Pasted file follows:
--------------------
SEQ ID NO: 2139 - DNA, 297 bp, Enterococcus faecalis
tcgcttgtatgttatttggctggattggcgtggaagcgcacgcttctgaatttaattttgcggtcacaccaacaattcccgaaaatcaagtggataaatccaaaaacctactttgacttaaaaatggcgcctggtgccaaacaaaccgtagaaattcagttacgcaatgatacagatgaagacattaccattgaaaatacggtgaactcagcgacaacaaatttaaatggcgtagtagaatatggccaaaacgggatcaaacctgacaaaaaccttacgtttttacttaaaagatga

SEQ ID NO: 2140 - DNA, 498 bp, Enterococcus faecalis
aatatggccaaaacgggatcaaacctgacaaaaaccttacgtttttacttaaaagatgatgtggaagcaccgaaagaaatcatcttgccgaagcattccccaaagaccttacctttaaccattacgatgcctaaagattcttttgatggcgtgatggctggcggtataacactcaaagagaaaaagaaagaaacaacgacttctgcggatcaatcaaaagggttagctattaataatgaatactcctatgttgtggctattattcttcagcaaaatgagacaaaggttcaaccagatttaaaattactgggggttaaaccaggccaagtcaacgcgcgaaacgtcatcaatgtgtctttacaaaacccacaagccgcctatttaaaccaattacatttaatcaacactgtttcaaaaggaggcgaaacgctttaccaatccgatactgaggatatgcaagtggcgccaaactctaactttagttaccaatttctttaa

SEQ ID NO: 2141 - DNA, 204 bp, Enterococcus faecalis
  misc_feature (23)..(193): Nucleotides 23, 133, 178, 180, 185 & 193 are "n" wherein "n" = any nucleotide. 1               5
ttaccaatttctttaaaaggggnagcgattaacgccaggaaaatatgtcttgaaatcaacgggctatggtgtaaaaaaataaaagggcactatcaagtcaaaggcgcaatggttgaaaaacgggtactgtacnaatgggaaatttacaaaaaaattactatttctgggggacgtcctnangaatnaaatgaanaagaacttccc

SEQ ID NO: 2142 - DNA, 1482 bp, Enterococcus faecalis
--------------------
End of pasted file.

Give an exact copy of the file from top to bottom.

SEQ ID NO: 2139 - DNA, 297 bp, Enterococcus faecalis
tcgcttgtatgttatttggctggattggcgtggaagcgcacgcttctgaatttaattttgcggtcacaccaacaattcccgaaaatcaagtggataaatccaaaaacctactttgacttaaaaatggcgcctggtgccaaacaaaccgtagaaattcagttacgcaatgatacagatgaagacattaccattgaaaatacggtgaactcagcgacaacaaatttaaatggcgtagtagaatatggccaaaacgggatcaaacctgacaaaaaccttacgtttttacttaaaagatga

SEQ ID NO: 2140 - DNA, 498 bp, Enterococcus faecalis
aatatggccaaaacgggatcaaacctgacaaaaaccttacgtttttacttaaaagatgatgtggaagcaccgaaagaaatcatcttgccgaagcattccccaaagaccttacctttaaccattacgatgcctaaagattcttttgatggcgtgatggctggcggtataacactcaaagagaaaaagaaagaaacaacgacttctgcggatcaatcaaaagggttagctattaataatgaatactcctatgttgtggctattattcttcagcaaaatgagacaaaggttcaaccagatttaaaattactgggggttaaaccaggccaagtcaacgcgcgaaacgtcatcaatgtgtctttacaaaacccacaagccgcctatttaaaccaattacatttaatcaacactgtttcaaaaggaggcgaaacgctttaccaatccgatactgaggatatgcaagtggcgccaaactctaactttagttaccaatttctttaa

SEQ ID NO: 2141 - DNA, 204 bp, Enterococcus faecalis
  misc_feature (23)..(193): Nucleotides 23, 133, 178, 180, 185 & 193 are "n" wherein "n" = any nucleotide. 1               5
ttaccaatttctttaaaaggggnagcgattaacgccaggaaaatatgtcttgaaatcaacgggctatggtgtaaaaaaataaaagggcactatcaagtcaaaggcgcaatggttgaaaaacgggtactgtacnaatgggaaatttacaaaaaaattactatttctgggggacgtcctnangaatnaaatgaanaagaacttccc

SEQ ID NO: 2142 - DNA, 1482 bp, Enterococcus faecalis